The 3 Reasons You Should Not Try to Make Anyone Happy

We are shoveling mulch like our lives depend upon it.

My three kids are loading wheelbarrow after wheelbarrow, and I’m hauling and dumping and spreading and sweating. Eventually, my nine-year-old son Quinn asks a completely reasonable question. “Why are we going so fast?” I tell him I want the flower beds to look beautiful when his mom gets home. To which he responds with another totally reasonable question: “Because you are trying make her happy?”

The word “exactly” is on the tip of my tongue. But then I bite my tongue.

I have an opportunity here to save my son a lot of heartache, disappointment, resentment, and conflict. You see, many of us spend our whole lives trying to make our loved ones happy. Years of believing our worthiness can be tallied by the number of smiles we put on the faces of other people. Years of bitter disappointment, as our success rate remains frustratingly low. And when we don’t get the results we’re looking for, we get ashamed of our failures.

Or we get resentful, thinking of our loved ones as hopelessly ungrateful people.

The truth, though, is that they are just people. Ordinary people, with their own inner world. Their own moods and wounds and worries and hang-ups. Ordinary people who are responsible for their own ordinary emotions, just as we are responsible for our own.

When it comes to ordinary people—all of us, in other words—there are at least three good reasons we shouldn’t try to make anyone happy:

First, you can’t do it. I can barely make my kids brush their own teeth; what are the chances I will somehow figure out the trick to rearranging their inner world, with all of its heart and soul and neurotransmitters and synapses? If they don’t brush their teeth, they get consequences, and that helps a little. Have you ever tried to give someone a consequence for being unhappy? It backfires.

Second, sometimes, what makes someone happy isn’t even good for them. For instance, if I gave my kids everything that makes them happy, they’d sit in front of televisions and iPads all day long, eating popcorn and chocolate, drinking juice and soda. We’d probably have to catheterize them. If you’re primary goal in life is to make someone happy, you will often harm them in your effort to happy them.

Third, sometimes, what makes someone else happy isn’t good for you. For example, if someone is only happy when they’re “right,” and you stay silent so they can feel happy, while all of the good and lovely and important things you have to say remain trapped inside of you, then trying to make this someone happy is the last thing you should be doing. There are a multitude of ways to slowly wither and die inside; doing so while telling yourself that you’re doing it on behalf of someone you love is a particularly insidious one.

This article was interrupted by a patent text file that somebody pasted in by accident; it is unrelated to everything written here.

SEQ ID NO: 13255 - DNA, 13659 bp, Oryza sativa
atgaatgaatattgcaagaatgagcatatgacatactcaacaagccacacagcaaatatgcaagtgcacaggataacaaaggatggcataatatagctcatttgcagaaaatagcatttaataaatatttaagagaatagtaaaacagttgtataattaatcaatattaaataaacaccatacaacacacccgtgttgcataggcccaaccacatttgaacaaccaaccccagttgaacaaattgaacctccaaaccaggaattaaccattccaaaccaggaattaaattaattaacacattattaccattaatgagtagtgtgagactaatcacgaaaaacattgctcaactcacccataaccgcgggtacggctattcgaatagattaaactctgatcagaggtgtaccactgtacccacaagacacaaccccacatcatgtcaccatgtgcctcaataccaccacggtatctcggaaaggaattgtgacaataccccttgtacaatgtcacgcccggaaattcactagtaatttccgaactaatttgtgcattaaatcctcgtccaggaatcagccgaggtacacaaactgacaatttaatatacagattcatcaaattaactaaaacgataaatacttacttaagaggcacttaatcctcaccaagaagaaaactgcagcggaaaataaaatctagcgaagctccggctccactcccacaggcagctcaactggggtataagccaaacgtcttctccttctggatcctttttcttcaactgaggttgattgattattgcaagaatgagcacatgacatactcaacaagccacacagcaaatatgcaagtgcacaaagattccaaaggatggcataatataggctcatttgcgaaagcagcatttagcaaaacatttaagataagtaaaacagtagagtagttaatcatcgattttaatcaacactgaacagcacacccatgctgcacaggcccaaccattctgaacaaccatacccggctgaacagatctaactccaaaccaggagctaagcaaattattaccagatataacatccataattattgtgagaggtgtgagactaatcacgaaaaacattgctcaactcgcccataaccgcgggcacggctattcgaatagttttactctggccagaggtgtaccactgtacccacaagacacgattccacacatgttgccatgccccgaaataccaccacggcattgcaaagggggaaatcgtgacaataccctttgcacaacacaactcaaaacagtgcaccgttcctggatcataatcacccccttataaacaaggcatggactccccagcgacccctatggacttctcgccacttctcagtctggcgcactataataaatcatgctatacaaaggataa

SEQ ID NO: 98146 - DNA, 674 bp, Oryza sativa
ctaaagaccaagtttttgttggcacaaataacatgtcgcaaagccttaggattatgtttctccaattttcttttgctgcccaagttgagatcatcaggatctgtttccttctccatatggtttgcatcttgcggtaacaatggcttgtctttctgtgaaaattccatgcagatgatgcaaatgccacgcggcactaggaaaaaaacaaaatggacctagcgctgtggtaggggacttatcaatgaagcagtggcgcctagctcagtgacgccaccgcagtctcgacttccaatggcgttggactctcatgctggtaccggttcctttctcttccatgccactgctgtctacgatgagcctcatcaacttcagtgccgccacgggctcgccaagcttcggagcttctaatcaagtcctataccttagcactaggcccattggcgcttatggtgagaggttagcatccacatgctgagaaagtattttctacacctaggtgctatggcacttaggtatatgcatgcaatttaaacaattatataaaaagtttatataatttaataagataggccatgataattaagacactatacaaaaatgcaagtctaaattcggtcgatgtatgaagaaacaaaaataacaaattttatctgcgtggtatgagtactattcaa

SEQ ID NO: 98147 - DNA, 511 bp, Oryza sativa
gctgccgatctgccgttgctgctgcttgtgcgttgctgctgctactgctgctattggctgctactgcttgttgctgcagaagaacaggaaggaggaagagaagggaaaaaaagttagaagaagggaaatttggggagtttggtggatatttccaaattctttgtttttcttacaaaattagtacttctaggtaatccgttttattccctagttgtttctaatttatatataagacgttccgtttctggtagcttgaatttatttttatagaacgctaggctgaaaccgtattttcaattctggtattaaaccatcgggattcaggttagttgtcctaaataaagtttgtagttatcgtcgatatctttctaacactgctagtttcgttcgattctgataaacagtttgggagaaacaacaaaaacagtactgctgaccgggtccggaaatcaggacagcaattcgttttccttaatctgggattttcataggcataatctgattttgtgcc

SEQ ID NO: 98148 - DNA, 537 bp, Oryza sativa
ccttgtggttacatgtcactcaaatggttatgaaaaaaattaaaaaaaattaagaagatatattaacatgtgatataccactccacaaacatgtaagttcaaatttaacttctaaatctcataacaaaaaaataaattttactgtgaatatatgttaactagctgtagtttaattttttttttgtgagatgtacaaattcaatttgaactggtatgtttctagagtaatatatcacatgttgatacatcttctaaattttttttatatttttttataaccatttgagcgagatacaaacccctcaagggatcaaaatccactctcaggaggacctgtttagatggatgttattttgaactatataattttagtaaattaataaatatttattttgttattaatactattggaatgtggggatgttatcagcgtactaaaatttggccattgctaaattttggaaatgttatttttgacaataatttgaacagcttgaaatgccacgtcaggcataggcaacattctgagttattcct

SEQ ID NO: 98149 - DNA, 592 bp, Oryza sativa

So, Quinn is waiting for an answer, but instead I respond with a question.

“Bud, when you’re in a bad mood, and you’re determined to be grumpy for a while, is there anything I can do to make you happy?” He looks thoughtful for a moment, and then admits with a rueful smile, “No.” Then, I tell him this:

You can’t make anyone happy; you can only do your best to increase the odds of their happiness.

Perhaps it sounds like I’m mincing words here, like I’m creating a fine line to walk on. But consider those flowers in my wife’s mulched beds. Do I make them grow when I water them? No. I increase the odds of their flourishing, but there are all sorts of forces and powers within the flowers themselves that will dictate their growth apart from my actions. And there are all sorts of uncontrollable circumstances—rain and sun and hail, and hungry deer, for instance—that will have a far greater influence on their outcome than my hose.

Similarly, the burden of love is desiring the flourishing of another—their happiness—while accepting that you are limited in your ability to make it happen.

Does that sound hard? It is. It is very hard. But it is also very good. Because this is true of love, as well:

The burden of love is also the blessing of love.

Sacrifice for the sake of sacrifice, without concern for the outcome, is the culmination of true love—it is freedom from conditionality and thus it is freedom itself, for both the giver the receiver.

Or, in the words of Frederick Buechner,

By all the laws of both logic and simple arithmetic, to give yourself away in love to another would seem to mean that you end up with less of yourself left than you had to begin with. But the miracle is that just the reverse is true, logic and arithmetic go hang. To give yourself away in love to somebody else—as a man and a woman give themselves away to each other at a wedding—is to become for the first time yourself fully. To live not just for yourself alone anymore but for another self to whom you swear to be true—plight your troth to, your truth to—is in a new way to come fully alive.

When my wife pulls in the driveway, the car stops and she gets out and she raves about the beauty of the flower beds. We increased the odds of her happiness. And this time, what we longed for happened. Next time, it might not.

And that is okay. In fact, it is better than okay.

Indeed, that is the burden and blessing of love.

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In his debut novel, Kelly weaves a page-turning, plot-twisting tale that explores the spiritual depths of identity and relationships, amidst themes of healing, grace, faith, forgiveness, and freedom.

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About Kelly

Dr. Kelly Flanagan is a psychologist, author, consultant, and speaker who enjoys walking with people through the three essentials of a truly satisfying life: worthiness, belonging, and purpose. His blog writings have been featured in Reader’s Digest, The Huffington Post, The 5 Love Languages, and the TODAY Show. Kelly is the author of Loveable and True Companions.